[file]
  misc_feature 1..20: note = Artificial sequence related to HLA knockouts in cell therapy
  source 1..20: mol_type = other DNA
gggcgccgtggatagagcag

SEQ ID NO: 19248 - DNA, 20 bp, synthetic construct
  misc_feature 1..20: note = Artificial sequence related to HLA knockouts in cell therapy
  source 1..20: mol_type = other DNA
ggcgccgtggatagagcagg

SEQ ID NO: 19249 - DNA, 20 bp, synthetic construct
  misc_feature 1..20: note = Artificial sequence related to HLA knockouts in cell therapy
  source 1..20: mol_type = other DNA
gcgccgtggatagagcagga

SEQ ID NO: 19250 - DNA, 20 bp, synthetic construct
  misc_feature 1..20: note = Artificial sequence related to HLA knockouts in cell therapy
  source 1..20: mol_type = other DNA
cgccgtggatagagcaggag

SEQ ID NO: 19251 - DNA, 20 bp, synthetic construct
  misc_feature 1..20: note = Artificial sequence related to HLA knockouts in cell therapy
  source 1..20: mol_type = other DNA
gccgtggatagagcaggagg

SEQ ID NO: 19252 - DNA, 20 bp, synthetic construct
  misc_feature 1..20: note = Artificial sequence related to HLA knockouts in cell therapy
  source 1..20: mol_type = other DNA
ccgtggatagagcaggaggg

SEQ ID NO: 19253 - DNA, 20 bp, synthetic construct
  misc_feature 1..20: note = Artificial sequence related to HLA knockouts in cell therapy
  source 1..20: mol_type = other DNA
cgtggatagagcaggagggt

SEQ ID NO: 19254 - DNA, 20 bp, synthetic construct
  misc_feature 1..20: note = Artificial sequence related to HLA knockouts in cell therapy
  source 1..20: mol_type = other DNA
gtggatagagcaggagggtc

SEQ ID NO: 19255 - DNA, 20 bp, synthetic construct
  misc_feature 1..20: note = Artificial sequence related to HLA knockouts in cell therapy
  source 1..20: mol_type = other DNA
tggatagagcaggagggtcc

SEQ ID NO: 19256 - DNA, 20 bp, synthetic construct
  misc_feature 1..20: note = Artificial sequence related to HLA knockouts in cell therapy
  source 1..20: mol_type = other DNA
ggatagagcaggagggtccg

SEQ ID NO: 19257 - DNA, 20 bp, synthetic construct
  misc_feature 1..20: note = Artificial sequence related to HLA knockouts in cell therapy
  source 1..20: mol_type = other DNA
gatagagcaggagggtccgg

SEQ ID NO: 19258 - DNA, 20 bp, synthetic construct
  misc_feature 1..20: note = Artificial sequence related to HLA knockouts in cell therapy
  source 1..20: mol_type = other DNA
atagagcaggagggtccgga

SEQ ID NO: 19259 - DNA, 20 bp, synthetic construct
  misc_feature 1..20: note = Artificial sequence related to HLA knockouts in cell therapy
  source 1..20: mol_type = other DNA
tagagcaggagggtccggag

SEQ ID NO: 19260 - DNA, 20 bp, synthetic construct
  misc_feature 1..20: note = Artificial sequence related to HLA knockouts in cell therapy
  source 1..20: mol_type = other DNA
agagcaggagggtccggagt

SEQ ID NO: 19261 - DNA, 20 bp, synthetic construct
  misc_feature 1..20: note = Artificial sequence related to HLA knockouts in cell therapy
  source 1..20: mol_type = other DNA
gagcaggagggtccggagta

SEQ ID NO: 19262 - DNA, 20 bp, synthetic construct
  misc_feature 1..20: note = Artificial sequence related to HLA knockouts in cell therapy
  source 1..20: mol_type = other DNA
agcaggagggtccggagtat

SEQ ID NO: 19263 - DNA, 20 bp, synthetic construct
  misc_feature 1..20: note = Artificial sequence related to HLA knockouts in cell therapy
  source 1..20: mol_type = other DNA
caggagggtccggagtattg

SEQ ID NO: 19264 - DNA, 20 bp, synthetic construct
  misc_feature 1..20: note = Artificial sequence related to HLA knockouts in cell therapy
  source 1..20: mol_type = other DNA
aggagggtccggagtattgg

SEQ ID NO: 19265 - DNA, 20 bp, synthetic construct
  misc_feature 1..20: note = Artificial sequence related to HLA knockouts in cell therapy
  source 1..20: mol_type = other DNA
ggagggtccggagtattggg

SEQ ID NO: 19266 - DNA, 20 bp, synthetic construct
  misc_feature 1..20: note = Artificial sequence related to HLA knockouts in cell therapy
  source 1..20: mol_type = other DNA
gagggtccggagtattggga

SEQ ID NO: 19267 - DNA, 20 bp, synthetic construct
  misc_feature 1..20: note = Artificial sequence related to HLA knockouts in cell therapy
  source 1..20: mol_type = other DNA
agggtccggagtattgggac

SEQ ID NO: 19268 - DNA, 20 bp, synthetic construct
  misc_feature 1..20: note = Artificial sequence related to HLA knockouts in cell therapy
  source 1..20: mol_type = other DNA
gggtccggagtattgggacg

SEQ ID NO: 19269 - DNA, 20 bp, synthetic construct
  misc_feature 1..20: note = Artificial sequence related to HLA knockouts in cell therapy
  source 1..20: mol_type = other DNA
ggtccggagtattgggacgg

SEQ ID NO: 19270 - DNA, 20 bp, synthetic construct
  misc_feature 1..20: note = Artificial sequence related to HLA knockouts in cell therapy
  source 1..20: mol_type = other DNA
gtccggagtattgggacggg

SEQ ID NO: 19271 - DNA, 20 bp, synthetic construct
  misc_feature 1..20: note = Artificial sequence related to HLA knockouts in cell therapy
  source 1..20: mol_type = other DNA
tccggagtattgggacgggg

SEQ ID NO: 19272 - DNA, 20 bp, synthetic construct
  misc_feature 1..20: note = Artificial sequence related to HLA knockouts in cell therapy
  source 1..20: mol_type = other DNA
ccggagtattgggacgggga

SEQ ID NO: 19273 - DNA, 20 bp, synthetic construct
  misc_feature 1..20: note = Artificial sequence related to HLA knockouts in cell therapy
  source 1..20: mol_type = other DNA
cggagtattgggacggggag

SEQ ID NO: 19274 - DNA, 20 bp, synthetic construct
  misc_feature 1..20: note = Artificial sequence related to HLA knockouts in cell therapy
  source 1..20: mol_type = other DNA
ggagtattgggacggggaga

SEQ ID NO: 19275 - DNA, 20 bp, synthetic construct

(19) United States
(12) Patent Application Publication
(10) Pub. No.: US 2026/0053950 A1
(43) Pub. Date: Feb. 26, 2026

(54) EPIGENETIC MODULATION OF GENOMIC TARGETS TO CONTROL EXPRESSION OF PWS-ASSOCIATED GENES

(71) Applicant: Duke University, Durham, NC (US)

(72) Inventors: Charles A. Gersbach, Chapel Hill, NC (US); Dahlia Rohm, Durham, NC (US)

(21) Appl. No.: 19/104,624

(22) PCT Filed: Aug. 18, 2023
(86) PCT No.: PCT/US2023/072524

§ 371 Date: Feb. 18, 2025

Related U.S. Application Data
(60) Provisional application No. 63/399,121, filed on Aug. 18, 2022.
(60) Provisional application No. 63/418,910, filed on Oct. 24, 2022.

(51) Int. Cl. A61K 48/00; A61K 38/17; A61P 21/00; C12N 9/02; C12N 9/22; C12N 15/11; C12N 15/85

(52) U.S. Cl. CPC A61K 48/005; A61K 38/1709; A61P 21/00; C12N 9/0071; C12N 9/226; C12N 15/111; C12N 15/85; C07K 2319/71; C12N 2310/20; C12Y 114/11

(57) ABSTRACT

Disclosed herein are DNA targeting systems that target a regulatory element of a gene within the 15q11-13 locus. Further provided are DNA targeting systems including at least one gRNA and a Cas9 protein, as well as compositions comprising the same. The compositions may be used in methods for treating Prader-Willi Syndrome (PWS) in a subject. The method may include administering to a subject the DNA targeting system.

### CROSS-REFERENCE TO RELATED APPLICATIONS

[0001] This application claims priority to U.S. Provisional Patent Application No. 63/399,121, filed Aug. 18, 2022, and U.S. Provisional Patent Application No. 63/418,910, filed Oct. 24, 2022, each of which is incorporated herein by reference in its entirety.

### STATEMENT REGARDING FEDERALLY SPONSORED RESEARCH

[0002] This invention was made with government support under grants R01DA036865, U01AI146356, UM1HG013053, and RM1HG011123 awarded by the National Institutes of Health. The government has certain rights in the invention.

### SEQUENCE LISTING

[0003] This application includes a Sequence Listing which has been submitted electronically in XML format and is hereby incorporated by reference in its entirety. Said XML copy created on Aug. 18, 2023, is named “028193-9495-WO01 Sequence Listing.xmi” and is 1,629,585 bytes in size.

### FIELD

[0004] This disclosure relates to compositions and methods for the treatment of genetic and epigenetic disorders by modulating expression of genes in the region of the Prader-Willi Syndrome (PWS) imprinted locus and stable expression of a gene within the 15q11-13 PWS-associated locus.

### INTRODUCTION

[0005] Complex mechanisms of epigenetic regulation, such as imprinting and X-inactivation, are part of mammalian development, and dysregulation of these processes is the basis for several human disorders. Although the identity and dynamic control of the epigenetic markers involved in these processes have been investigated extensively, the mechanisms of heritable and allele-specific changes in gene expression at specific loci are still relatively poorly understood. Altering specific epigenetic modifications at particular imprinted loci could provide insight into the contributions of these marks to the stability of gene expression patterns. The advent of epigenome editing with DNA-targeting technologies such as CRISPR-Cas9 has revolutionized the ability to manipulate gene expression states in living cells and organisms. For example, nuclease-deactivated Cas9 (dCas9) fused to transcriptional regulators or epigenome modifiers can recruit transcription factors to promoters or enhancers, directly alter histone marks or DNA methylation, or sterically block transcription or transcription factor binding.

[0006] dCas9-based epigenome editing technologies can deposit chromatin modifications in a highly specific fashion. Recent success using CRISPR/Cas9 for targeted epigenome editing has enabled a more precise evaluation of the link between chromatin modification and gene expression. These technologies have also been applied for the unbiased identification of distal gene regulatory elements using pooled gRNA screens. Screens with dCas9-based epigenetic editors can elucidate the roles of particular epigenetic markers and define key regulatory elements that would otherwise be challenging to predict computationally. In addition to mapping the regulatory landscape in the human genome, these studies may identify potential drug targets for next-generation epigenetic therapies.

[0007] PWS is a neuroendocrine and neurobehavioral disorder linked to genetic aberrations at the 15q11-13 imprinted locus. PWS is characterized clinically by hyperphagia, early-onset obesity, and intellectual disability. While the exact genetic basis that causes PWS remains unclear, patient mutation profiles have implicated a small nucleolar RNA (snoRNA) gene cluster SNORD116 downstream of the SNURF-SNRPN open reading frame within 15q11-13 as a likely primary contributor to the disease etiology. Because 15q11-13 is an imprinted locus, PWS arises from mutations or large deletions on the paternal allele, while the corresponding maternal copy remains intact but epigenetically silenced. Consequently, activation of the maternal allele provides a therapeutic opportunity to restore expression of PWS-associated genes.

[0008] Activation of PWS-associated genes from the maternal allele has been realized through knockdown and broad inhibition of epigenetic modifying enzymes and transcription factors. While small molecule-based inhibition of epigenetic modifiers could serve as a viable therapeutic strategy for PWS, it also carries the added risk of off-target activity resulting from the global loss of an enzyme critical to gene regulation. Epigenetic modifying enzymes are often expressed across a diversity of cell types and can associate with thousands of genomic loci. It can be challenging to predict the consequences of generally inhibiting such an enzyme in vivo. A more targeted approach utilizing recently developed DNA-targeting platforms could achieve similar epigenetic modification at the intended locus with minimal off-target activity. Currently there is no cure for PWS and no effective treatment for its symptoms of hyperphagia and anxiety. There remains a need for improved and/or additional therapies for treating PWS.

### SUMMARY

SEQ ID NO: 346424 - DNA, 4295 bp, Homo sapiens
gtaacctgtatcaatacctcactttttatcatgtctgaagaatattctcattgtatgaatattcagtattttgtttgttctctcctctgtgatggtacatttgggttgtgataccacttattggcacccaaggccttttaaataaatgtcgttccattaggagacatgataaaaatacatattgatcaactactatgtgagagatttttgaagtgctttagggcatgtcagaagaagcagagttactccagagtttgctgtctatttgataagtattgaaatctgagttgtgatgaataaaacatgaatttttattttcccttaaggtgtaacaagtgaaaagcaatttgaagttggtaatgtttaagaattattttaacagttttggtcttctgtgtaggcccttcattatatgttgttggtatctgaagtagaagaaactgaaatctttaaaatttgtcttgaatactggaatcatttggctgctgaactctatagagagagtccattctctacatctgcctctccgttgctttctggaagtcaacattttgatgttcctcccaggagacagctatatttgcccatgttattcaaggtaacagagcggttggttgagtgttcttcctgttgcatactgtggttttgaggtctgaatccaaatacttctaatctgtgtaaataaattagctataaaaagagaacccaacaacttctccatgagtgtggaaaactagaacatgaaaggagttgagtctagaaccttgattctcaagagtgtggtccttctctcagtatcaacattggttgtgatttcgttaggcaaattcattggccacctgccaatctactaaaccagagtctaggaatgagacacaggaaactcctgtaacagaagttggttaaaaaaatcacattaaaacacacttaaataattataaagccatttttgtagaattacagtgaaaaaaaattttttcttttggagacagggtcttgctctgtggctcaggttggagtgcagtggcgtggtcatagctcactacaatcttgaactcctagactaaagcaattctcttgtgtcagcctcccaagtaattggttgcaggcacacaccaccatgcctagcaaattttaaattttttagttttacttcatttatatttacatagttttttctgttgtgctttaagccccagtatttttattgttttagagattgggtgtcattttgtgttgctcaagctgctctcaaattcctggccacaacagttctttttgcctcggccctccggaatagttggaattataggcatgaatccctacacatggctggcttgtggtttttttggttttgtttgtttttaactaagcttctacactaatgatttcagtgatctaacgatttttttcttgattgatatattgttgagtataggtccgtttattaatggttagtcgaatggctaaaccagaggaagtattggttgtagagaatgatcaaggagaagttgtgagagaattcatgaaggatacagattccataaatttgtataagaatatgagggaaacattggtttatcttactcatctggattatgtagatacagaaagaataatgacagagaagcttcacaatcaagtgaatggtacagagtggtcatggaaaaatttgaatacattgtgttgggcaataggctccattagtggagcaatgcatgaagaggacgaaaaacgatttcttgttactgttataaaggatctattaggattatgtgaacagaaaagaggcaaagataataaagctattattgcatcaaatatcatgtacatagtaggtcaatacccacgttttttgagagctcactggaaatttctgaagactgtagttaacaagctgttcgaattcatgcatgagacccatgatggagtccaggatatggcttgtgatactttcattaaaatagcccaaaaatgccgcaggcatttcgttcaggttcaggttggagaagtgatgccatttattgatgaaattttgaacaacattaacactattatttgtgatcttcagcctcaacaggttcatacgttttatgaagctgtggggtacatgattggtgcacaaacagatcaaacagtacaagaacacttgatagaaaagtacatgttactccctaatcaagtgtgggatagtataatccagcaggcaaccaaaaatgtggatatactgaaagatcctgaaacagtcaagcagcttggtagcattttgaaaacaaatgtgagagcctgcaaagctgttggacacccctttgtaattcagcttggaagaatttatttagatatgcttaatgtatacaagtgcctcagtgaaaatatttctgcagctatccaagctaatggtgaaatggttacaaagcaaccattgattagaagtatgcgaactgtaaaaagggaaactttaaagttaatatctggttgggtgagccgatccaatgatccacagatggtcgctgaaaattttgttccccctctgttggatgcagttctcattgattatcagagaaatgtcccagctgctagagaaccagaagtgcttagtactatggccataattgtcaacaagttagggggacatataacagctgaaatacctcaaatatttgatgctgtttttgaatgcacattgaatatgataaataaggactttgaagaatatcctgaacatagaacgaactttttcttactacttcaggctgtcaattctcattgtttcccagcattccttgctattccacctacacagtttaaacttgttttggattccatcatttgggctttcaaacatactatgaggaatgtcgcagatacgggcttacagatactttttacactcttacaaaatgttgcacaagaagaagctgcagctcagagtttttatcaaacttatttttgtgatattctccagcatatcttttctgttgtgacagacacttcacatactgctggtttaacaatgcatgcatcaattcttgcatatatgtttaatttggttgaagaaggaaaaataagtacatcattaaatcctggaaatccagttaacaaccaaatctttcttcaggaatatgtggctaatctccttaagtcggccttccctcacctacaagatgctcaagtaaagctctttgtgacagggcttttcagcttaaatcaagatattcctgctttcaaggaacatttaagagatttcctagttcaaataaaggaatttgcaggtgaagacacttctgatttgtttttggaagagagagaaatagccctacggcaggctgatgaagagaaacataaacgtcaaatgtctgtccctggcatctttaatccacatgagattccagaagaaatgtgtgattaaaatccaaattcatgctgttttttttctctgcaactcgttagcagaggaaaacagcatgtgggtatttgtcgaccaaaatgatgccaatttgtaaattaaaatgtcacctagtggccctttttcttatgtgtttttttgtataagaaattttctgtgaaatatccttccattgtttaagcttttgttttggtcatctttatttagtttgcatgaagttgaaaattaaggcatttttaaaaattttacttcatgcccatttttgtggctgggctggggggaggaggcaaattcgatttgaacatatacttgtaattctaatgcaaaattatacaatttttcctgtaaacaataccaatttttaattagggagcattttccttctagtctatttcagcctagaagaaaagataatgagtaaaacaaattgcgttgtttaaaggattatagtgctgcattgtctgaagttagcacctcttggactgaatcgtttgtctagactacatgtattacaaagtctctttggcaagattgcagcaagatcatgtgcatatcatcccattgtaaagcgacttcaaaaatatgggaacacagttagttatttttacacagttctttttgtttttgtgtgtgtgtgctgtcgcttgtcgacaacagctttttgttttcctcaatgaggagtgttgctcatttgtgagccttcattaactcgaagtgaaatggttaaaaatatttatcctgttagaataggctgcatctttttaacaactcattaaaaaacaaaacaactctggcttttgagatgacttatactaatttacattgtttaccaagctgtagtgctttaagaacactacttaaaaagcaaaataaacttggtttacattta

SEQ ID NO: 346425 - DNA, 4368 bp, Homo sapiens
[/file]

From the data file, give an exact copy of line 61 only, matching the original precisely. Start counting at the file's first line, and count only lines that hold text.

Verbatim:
  misc_feature 1..20: note = Artificial sequence related to HLA knockouts in cell therapy